You might ask why this annual vaccination habit exists. It's
a very good question, and one that conventional medicine is examining
more and more frequently as time goes on. A recent watershed
occurred when a renowned University of California-Davis veterinary
researcher and professor, Neils Pedersen, commented on the practice
in a very well respected conventional magazine called AAHA Trends
(AAHA is the American Animal Hospital Association).
vaccine practices are medically unsound. It is time to
wisdom of annual booster, multivalent products
(combination vaccines, the most common being DHLPP for dogs
and FVRCP for cats), and unnecessary vaccines. Doing so will
companion animals' immunization to its status as a medical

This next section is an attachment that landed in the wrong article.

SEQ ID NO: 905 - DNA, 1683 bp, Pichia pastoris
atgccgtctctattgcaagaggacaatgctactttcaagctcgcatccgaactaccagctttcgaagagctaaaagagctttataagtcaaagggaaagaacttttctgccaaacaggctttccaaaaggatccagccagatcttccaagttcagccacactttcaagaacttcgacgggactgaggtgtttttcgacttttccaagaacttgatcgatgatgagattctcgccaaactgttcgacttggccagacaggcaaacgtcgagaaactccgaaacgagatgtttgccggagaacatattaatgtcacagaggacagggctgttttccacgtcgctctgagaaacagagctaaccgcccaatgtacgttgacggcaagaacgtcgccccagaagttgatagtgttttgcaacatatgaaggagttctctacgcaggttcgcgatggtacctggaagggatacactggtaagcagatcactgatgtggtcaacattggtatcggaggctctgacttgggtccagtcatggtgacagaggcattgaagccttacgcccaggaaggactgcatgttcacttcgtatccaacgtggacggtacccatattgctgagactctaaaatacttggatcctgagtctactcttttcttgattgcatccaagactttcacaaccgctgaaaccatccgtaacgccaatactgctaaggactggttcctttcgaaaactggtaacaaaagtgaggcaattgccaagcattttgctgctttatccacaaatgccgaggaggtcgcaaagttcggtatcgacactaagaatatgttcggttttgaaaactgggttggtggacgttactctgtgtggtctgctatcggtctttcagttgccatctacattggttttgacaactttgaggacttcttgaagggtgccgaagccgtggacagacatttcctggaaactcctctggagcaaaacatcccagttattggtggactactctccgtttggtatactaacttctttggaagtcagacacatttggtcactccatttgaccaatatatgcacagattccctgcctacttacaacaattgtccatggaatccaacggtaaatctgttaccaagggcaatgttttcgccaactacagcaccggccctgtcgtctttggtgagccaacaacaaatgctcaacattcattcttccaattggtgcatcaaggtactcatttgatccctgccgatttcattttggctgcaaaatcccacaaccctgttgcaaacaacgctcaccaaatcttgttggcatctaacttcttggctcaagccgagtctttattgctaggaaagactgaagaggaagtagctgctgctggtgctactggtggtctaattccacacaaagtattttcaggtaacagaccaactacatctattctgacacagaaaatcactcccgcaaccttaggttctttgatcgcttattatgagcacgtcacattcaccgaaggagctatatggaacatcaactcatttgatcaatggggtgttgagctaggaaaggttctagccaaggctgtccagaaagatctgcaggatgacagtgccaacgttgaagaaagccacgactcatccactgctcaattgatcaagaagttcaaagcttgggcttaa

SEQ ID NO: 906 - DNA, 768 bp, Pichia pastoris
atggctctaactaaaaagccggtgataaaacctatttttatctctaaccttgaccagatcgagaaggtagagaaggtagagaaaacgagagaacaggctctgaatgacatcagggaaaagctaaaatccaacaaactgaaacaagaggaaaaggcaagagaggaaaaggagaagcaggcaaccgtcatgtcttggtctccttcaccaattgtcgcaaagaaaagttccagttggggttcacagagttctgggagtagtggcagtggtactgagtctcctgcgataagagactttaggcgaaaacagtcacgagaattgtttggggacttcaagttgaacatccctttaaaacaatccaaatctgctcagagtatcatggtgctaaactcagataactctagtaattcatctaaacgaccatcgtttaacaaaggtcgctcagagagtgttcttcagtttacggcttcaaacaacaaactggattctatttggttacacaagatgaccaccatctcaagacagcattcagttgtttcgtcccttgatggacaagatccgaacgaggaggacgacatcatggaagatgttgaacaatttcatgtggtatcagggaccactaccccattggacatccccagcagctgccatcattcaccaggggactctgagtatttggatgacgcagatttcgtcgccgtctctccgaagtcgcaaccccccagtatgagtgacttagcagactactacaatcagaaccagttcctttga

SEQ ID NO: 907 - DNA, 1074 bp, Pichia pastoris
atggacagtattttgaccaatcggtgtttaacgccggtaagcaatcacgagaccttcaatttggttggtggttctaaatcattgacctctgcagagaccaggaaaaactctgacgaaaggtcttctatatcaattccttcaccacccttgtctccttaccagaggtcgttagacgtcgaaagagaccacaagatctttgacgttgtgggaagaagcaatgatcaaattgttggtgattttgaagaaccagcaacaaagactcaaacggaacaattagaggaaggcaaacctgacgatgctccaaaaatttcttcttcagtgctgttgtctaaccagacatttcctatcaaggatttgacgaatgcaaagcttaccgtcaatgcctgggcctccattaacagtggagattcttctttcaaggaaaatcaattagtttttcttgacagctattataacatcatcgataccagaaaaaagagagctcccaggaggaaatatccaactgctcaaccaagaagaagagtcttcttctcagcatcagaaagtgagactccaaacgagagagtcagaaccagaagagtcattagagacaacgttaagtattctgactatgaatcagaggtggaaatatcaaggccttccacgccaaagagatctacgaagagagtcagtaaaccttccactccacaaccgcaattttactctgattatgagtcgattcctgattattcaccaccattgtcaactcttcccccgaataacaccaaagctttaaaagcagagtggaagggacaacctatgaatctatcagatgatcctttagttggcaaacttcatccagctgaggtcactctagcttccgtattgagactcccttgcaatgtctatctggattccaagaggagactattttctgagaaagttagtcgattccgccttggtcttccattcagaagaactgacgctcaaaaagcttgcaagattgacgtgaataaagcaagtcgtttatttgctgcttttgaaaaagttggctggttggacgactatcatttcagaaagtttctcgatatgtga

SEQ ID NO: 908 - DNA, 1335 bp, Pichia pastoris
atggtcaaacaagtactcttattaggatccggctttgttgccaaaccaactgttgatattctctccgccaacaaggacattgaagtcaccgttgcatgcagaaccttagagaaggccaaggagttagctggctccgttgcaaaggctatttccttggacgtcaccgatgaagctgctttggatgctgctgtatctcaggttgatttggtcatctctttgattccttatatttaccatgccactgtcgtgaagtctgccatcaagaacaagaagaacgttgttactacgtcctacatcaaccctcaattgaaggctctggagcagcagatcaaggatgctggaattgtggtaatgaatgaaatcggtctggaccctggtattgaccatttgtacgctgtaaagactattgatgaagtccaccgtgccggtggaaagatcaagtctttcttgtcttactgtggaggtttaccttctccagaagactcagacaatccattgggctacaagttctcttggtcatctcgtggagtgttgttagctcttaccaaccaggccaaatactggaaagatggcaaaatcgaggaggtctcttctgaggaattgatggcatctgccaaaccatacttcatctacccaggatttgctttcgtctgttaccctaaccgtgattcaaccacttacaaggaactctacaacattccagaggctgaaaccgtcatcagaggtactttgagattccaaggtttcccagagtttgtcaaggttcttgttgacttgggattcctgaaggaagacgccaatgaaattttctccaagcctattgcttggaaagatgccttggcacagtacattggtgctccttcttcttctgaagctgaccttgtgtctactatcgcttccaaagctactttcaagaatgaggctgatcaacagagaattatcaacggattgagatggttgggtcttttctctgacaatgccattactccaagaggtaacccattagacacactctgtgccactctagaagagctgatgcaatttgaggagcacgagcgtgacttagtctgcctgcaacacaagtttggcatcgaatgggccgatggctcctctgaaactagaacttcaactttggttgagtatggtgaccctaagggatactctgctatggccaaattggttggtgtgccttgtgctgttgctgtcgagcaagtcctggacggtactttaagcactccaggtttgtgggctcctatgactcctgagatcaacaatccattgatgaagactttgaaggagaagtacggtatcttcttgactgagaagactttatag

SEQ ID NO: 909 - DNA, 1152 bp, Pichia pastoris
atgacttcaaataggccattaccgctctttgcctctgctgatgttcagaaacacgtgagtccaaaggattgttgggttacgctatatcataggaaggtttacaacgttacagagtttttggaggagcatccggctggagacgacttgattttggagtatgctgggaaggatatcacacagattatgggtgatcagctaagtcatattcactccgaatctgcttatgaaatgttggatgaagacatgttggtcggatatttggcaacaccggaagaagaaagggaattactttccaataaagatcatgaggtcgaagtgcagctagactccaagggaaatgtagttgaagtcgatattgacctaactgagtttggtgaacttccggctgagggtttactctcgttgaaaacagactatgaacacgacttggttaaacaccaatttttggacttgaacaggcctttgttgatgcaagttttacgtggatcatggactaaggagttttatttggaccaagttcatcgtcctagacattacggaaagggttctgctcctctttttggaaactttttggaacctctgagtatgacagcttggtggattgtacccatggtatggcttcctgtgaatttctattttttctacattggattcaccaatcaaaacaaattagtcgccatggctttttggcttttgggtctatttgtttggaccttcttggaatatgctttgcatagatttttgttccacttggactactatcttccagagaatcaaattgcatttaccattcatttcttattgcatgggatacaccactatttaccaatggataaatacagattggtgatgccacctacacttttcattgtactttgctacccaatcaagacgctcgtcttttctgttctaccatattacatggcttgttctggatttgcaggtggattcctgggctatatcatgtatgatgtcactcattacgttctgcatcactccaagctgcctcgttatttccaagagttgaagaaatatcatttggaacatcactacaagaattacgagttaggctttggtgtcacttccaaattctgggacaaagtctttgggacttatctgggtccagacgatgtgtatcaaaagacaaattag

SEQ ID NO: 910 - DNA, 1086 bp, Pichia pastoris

and not an economical procedure."
What will get us a lot closer to what we really want (healthy
animals who are resistant to all disease) is to focus on raising
our individual animals in the way that allows them to do what
nature intended: to live freely, happily, and fully alive, with
an immune system that responds directly to any challenge that
confronts them. In our haste to protect our pets, let's not forget
that it's the animal's immune system that protects, not some
solution of viruses in a syringe.
In Part II I address another aspect of the vaccine question:
safety. For now, suffice it to say that if your dog or cat is
an adult who has had vaccinations, there is no immunologic need
to continue vaccinating annually: the immunity is present from
the early vaccines and will not get any better through yearly
Click here to view Part II of this article.